The exchange of genetic material between homologous chromosomes is called crossing over. This process happens during meiosis. Because crossing over occurs in sister chromatids, the process allows for recombination and variety in offspring formed from the resulting daughter cells or gametes. Crossing over is considered a type of genetic recombination and is an important source of genetic diversity in humans.
During meiosis I, the chromosomes are replicated. Homologous pairs of chromosomes match up with one another. During this time, parts of the homologous chromosomes overlap; these parts break off and migrate to the other homologs and reattach. These chromosomes are no longer exact duplicates of the original parent chromosomes. Crossing over occurs with such precision that, most of the time, genes do not get lost or become nonfunctional in any way. At times, this process of crossing over is not precise or becomes aberrant. In these cases, the fetus that results is often spontaneously aborted. In such cases, babies that survive until birth usually do not live beyond their first year.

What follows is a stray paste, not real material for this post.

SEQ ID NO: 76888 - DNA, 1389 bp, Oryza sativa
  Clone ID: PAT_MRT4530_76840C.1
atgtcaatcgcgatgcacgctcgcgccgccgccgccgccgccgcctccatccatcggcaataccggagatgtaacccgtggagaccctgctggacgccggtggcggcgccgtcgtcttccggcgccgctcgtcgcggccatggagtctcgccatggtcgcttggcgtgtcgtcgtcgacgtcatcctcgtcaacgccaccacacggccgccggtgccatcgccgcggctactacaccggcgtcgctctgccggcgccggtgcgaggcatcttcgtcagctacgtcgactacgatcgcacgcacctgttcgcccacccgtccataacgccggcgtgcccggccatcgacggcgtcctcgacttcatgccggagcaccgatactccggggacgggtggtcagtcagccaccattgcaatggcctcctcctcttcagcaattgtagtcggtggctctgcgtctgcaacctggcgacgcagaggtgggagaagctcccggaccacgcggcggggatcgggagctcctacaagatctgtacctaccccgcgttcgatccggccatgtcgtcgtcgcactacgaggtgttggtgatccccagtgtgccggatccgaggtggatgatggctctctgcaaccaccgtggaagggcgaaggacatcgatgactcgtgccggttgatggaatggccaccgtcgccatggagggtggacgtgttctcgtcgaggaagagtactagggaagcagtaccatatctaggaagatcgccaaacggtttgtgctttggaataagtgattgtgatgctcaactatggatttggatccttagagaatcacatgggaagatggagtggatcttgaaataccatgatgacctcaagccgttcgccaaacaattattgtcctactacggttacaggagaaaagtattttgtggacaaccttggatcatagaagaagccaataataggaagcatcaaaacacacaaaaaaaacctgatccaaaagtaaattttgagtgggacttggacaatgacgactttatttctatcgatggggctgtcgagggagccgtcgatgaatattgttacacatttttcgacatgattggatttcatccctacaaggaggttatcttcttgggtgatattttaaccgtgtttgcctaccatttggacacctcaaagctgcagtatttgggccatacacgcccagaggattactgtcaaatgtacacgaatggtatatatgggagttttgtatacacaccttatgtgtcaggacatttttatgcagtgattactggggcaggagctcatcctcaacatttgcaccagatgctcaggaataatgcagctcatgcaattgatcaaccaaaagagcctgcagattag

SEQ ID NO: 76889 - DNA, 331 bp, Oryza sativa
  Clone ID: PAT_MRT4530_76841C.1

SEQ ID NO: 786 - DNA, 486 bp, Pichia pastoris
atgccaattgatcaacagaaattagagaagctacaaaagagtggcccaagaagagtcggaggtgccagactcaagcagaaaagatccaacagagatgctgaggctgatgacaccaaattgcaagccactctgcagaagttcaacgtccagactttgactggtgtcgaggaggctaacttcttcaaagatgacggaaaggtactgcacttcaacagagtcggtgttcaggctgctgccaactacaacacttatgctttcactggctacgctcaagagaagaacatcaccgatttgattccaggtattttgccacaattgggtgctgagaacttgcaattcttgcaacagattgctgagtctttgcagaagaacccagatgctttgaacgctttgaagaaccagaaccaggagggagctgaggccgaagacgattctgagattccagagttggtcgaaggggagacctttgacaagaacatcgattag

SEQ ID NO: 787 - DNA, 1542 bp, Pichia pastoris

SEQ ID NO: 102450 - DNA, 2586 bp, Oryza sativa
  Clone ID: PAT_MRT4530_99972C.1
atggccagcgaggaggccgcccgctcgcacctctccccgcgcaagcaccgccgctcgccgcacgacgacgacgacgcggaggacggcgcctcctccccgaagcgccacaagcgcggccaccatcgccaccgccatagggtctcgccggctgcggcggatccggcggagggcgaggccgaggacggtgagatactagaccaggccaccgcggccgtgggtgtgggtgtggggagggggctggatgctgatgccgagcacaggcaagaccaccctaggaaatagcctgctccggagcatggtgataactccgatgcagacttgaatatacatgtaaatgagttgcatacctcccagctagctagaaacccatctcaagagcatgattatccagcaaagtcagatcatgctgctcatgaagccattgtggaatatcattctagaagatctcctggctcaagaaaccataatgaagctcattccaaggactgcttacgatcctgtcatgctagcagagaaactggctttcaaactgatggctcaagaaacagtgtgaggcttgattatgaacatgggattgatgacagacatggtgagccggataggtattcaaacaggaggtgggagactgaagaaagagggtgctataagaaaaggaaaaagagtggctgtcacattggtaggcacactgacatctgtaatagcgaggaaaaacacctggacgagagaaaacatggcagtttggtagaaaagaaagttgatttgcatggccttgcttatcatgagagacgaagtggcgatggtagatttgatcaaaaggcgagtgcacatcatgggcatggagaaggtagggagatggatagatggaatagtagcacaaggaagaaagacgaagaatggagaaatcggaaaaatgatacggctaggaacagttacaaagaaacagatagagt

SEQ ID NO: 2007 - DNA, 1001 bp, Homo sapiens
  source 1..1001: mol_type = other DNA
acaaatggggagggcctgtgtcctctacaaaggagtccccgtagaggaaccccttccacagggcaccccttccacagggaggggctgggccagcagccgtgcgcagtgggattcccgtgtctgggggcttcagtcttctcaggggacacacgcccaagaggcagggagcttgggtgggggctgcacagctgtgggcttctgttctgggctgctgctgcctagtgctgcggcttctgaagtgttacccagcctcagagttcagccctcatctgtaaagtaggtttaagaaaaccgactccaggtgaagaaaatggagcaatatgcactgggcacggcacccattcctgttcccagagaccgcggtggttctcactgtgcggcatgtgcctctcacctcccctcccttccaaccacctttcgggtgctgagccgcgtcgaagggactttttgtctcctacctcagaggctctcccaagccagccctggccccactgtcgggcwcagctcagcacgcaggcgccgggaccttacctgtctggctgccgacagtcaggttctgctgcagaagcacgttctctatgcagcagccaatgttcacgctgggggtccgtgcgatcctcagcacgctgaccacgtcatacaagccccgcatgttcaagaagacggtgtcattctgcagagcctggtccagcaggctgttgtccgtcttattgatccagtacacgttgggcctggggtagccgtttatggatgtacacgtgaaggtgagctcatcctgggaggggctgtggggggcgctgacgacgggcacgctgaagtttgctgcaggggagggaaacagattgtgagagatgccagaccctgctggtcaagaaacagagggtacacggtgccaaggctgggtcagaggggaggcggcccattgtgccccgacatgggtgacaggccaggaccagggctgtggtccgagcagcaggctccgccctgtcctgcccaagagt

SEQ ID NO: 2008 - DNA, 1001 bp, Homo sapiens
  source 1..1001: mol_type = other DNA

The X and Y, or sex, chromosomes engage in a special kind of crossing over. A homologous section called the pseudoautosomal region exists between the X and the Y, and these pair up during meiosis. No other part of the X and Y chromosomes experiences any crossing over.